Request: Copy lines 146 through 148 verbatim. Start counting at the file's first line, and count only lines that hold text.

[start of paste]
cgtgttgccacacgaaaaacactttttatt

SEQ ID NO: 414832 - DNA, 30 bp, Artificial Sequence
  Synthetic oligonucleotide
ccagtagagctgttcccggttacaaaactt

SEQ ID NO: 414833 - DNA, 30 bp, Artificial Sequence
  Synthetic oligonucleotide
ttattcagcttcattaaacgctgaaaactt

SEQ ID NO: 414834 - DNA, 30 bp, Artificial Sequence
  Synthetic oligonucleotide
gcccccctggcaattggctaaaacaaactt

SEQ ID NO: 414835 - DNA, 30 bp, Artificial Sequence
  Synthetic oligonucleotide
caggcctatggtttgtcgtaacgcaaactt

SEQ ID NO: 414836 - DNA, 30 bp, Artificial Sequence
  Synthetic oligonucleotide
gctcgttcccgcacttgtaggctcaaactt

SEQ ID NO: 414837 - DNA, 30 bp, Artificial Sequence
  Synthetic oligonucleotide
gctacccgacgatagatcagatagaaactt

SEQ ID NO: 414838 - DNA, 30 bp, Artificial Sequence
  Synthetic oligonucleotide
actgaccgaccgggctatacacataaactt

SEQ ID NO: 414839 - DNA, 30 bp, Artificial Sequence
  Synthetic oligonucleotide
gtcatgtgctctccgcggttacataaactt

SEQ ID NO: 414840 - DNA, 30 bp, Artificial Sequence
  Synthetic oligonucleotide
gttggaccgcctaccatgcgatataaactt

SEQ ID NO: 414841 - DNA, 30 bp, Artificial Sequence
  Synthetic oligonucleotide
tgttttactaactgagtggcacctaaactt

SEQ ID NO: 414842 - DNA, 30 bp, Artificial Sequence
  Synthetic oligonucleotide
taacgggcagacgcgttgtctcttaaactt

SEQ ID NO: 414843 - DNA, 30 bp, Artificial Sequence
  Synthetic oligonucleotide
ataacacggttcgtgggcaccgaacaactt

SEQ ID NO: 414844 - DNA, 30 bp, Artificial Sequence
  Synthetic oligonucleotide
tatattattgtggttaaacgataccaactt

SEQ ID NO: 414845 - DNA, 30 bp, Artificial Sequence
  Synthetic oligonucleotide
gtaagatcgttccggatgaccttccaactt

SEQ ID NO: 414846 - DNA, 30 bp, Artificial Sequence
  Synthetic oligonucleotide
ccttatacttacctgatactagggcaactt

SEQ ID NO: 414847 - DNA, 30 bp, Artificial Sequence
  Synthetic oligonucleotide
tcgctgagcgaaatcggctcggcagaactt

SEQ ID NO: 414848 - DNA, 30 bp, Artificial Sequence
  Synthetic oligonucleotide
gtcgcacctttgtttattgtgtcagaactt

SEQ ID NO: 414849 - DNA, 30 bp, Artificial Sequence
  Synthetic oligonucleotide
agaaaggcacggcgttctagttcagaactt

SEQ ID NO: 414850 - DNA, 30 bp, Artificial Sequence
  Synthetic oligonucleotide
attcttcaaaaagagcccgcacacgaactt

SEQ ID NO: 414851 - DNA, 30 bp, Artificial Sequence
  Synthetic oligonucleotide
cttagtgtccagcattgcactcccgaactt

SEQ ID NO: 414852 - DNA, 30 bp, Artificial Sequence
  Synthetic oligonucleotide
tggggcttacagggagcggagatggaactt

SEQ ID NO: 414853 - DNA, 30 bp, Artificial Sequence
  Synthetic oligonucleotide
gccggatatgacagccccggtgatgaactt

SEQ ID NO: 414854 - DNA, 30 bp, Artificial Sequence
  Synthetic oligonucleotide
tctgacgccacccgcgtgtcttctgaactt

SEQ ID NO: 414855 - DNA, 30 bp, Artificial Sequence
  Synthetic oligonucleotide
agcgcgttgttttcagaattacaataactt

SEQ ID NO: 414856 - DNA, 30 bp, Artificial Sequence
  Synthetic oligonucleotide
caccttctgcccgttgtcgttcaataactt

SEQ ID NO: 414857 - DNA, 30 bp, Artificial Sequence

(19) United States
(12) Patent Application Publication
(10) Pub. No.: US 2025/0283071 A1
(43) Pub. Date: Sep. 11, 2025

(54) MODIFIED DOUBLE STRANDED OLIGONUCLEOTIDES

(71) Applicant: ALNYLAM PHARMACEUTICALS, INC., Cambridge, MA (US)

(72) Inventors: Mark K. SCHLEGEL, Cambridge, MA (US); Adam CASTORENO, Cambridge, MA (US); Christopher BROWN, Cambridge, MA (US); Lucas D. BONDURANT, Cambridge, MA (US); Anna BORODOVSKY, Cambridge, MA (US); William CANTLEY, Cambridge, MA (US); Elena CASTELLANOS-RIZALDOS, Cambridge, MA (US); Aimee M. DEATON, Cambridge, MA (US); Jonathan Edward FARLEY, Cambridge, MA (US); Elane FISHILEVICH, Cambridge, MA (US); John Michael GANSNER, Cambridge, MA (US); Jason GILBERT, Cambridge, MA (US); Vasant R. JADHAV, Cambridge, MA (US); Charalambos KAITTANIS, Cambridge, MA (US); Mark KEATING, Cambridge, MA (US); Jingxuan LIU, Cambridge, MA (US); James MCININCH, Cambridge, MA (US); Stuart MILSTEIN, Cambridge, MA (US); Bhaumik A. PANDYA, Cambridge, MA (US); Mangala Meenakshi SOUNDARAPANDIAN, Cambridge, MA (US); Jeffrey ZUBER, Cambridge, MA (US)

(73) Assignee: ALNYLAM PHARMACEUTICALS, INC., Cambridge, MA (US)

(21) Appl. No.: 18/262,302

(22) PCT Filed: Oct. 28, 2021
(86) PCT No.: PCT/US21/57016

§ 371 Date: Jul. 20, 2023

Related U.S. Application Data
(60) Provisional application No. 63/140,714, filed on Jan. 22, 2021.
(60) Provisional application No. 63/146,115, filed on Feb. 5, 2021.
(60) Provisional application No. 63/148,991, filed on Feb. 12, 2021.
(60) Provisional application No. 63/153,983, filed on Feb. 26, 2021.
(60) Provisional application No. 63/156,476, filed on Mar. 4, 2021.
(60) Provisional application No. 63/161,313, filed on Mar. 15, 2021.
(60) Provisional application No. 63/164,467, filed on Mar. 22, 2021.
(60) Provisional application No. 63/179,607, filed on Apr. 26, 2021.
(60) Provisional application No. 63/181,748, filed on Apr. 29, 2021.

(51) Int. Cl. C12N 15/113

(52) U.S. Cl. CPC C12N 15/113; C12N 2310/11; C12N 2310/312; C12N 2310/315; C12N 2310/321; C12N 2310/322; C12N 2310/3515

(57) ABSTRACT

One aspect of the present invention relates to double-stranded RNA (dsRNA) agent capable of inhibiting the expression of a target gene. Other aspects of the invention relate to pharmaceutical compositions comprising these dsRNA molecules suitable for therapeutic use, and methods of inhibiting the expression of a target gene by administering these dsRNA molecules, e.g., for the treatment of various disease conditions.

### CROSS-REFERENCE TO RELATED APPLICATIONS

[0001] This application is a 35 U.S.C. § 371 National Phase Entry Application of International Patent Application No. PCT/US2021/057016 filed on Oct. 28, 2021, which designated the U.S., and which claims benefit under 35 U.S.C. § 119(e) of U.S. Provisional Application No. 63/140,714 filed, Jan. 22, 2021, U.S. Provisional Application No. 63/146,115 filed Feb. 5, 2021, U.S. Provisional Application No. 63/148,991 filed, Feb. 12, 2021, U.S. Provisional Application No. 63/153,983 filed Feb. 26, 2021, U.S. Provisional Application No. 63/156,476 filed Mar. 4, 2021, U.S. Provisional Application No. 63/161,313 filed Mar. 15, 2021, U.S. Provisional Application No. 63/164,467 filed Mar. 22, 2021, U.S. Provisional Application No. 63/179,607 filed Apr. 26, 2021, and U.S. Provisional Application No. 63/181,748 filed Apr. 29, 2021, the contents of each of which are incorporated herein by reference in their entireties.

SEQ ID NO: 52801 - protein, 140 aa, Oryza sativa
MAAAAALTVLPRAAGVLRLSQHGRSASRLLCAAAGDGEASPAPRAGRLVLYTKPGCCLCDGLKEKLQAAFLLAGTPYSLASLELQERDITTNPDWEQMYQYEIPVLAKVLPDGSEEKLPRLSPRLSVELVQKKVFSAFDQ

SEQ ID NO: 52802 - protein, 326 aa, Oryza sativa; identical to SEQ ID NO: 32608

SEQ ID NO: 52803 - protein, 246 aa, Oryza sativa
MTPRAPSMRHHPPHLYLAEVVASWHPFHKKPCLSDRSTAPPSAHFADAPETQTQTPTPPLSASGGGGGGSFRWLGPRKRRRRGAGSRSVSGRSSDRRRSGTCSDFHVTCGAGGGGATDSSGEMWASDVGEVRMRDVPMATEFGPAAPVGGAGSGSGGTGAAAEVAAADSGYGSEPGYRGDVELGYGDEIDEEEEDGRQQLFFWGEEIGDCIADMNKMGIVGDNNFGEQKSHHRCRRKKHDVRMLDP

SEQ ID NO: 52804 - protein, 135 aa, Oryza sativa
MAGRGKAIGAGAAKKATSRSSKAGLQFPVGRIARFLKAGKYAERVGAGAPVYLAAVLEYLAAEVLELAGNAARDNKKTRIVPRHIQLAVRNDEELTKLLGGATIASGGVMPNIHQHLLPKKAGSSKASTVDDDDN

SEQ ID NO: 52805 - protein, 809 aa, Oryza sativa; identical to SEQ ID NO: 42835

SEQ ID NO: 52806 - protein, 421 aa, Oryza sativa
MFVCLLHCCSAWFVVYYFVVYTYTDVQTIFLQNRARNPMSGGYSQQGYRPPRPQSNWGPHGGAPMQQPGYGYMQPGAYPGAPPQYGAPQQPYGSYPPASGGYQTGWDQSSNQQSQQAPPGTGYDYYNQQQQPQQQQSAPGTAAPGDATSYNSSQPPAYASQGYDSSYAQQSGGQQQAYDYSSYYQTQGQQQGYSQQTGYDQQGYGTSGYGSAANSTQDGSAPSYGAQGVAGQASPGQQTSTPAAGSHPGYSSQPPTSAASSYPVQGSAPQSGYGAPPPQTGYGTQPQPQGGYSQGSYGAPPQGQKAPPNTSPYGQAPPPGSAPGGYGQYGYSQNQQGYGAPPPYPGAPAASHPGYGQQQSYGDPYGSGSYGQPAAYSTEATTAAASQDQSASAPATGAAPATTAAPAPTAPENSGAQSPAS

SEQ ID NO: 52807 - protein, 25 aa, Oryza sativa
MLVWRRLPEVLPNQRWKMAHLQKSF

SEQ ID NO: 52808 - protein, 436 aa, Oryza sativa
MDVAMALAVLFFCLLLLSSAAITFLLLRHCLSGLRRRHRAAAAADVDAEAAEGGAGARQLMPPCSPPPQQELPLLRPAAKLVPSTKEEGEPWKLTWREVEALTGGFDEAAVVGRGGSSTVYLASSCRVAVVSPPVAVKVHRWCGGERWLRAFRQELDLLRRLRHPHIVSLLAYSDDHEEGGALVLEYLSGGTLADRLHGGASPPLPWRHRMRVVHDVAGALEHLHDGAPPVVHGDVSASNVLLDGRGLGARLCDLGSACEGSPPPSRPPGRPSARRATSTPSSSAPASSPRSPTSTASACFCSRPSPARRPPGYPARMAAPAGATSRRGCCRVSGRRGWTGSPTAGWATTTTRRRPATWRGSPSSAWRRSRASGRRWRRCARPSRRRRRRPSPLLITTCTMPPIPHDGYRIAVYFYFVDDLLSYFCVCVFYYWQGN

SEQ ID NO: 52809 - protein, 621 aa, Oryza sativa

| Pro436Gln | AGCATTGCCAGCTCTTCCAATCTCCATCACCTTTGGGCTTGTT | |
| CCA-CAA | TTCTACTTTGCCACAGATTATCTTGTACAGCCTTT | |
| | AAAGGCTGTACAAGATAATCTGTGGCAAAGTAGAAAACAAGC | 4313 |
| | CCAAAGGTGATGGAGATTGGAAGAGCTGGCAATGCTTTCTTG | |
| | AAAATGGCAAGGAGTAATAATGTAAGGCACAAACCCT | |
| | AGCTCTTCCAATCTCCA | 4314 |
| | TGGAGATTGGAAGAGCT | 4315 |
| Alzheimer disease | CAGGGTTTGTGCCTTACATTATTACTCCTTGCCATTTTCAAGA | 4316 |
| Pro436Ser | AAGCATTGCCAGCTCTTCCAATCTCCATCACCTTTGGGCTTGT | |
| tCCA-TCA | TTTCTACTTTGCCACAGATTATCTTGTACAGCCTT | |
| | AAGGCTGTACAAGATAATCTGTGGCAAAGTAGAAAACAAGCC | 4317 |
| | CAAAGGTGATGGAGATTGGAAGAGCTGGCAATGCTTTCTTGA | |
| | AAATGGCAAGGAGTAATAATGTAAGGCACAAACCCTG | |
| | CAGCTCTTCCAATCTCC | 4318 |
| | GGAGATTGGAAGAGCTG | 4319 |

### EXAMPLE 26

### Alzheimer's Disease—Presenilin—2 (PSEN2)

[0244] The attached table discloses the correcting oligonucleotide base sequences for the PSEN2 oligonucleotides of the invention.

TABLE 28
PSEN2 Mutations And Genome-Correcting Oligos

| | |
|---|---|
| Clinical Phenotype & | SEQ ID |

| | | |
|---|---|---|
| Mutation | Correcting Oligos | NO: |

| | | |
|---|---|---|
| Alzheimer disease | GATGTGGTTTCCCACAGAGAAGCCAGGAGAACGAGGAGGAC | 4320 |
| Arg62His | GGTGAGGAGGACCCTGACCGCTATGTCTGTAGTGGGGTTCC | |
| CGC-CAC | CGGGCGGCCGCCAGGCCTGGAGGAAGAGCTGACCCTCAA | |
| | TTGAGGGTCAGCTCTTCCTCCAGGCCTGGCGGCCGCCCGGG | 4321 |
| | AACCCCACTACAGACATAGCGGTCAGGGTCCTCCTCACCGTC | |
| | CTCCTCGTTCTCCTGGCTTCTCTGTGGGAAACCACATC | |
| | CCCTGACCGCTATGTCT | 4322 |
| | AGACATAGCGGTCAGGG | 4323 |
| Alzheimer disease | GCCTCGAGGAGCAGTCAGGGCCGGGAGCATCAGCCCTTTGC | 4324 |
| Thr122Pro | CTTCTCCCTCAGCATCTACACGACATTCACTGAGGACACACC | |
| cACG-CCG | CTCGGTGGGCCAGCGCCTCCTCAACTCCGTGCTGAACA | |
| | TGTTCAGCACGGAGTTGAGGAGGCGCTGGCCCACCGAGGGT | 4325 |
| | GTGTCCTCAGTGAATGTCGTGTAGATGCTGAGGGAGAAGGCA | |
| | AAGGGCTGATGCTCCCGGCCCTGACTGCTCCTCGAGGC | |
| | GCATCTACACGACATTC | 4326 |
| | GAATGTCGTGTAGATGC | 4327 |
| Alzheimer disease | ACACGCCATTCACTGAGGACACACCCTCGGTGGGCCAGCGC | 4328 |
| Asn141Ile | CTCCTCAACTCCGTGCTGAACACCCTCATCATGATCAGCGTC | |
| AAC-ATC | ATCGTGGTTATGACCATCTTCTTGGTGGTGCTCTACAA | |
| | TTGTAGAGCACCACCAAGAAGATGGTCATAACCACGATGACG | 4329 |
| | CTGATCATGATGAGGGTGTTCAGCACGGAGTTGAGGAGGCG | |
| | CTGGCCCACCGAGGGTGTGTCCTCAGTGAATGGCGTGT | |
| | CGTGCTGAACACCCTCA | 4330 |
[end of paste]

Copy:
| Mutation | Correcting Oligos | NO: |

| | | |
|---|---|---|